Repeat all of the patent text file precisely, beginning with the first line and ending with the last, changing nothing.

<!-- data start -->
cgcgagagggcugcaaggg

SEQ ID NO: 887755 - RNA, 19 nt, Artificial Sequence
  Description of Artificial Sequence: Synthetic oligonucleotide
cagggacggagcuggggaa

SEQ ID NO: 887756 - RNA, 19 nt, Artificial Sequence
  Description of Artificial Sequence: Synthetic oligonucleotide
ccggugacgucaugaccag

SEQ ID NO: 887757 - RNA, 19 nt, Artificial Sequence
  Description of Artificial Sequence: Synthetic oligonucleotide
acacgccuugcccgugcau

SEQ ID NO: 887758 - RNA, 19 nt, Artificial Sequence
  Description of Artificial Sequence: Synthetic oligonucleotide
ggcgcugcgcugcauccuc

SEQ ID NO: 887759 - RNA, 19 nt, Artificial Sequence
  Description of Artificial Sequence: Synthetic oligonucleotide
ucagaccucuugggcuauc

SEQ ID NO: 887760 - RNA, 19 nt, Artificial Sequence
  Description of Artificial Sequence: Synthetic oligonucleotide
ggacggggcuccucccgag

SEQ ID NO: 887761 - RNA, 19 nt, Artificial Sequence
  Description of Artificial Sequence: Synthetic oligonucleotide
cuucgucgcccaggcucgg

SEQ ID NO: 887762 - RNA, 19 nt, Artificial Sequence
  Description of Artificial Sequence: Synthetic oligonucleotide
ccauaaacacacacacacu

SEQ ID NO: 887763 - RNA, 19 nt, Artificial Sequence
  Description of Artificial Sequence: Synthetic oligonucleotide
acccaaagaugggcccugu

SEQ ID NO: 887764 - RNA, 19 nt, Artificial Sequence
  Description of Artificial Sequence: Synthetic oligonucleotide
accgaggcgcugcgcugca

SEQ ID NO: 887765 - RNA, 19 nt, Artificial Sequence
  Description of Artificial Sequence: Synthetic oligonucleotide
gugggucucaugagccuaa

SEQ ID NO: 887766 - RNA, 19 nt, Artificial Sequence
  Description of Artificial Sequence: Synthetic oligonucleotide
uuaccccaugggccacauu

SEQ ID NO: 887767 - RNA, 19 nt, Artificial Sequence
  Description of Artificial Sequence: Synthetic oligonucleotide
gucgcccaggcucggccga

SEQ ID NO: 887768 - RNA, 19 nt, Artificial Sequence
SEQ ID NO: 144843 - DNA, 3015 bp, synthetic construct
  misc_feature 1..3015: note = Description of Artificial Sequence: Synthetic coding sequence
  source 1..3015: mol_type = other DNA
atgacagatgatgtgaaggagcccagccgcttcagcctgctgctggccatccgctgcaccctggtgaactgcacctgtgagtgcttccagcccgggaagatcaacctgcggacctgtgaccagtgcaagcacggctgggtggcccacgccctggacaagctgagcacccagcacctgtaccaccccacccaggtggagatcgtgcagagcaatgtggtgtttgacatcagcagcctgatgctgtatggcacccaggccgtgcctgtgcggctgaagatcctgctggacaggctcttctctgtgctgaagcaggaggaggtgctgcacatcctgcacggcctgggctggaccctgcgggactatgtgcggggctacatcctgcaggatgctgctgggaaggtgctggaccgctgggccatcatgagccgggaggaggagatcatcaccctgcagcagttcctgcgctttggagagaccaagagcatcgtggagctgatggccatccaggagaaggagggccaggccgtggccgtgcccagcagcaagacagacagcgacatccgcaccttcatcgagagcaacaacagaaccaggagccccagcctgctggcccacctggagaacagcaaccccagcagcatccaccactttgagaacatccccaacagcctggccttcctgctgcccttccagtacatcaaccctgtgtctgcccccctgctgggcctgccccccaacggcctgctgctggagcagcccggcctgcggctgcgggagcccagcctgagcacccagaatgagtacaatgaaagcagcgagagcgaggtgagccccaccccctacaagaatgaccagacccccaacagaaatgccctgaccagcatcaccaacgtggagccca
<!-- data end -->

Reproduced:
cgcgagagggcugcaaggg

SEQ ID NO: 887755 - RNA, 19 nt, Artificial Sequence
  Description of Artificial Sequence: Synthetic oligonucleotide
cagggacggagcuggggaa

SEQ ID NO: 887756 - RNA, 19 nt, Artificial Sequence
  Description of Artificial Sequence: Synthetic oligonucleotide
ccggugacgucaugaccag

SEQ ID NO: 887757 - RNA, 19 nt, Artificial Sequence
  Description of Artificial Sequence: Synthetic oligonucleotide
acacgccuugcccgugcau

SEQ ID NO: 887758 - RNA, 19 nt, Artificial Sequence
  Description of Artificial Sequence: Synthetic oligonucleotide
ggcgcugcgcugcauccuc

SEQ ID NO: 887759 - RNA, 19 nt, Artificial Sequence
  Description of Artificial Sequence: Synthetic oligonucleotide
ucagaccucuugggcuauc

SEQ ID NO: 887760 - RNA, 19 nt, Artificial Sequence
  Description of Artificial Sequence: Synthetic oligonucleotide
ggacggggcuccucccgag

SEQ ID NO: 887761 - RNA, 19 nt, Artificial Sequence
  Description of Artificial Sequence: Synthetic oligonucleotide
cuucgucgcccaggcucgg

SEQ ID NO: 887762 - RNA, 19 nt, Artificial Sequence
  Description of Artificial Sequence: Synthetic oligonucleotide
ccauaaacacacacacacu

SEQ ID NO: 887763 - RNA, 19 nt, Artificial Sequence
  Description of Artificial Sequence: Synthetic oligonucleotide
acccaaagaugggcccugu

SEQ ID NO: 887764 - RNA, 19 nt, Artificial Sequence
  Description of Artificial Sequence: Synthetic oligonucleotide
accgaggcgcugcgcugca

SEQ ID NO: 887765 - RNA, 19 nt, Artificial Sequence
  Description of Artificial Sequence: Synthetic oligonucleotide
gugggucucaugagccuaa

SEQ ID NO: 887766 - RNA, 19 nt, Artificial Sequence
  Description of Artificial Sequence: Synthetic oligonucleotide
uuaccccaugggccacauu

SEQ ID NO: 887767 - RNA, 19 nt, Artificial Sequence
  Description of Artificial Sequence: Synthetic oligonucleotide
gucgcccaggcucggccga

SEQ ID NO: 887768 - RNA, 19 nt, Artificial Sequence
SEQ ID NO: 144843 - DNA, 3015 bp, synthetic construct
  misc_feature 1..3015: note = Description of Artificial Sequence: Synthetic coding sequence
  source 1..3015: mol_type = other DNA
atgacagatgatgtgaaggagcccagccgcttcagcctgctgctggccatccgctgcaccctggtgaactgcacctgtgagtgcttccagcccgggaagatcaacctgcggacctgtgaccagtgcaagcacggctgggtggcccacgccctggacaagctgagcacccagcacctgtaccaccccacccaggtggagatcgtgcagagcaatgtggtgtttgacatcagcagcctgatgctgtatggcacccaggccgtgcctgtgcggctgaagatcctgctggacaggctcttctctgtgctgaagcaggaggaggtgctgcacatcctgcacggcctgggctggaccctgcgggactatgtgcggggctacatcctgcaggatgctgctgggaaggtgctggaccgctgggccatcatgagccgggaggaggagatcatcaccctgcagcagttcctgcgctttggagagaccaagagcatcgtggagctgatggccatccaggagaaggagggccaggccgtggccgtgcccagcagcaagacagacagcgacatccgcaccttcatcgagagcaacaacagaaccaggagccccagcctgctggcccacctggagaacagcaaccccagcagcatccaccactttgagaacatccccaacagcctggccttcctgctgcccttccagtacatcaaccctgtgtctgcccccctgctgggcctgccccccaacggcctgctgctggagcagcccggcctgcggctgcgggagcccagcctgagcacccagaatgagtacaatgaaagcagcgagagcgaggtgagccccaccccctacaagaatgaccagacccccaacagaaatgccctgaccagcatcaccaacgtggagccca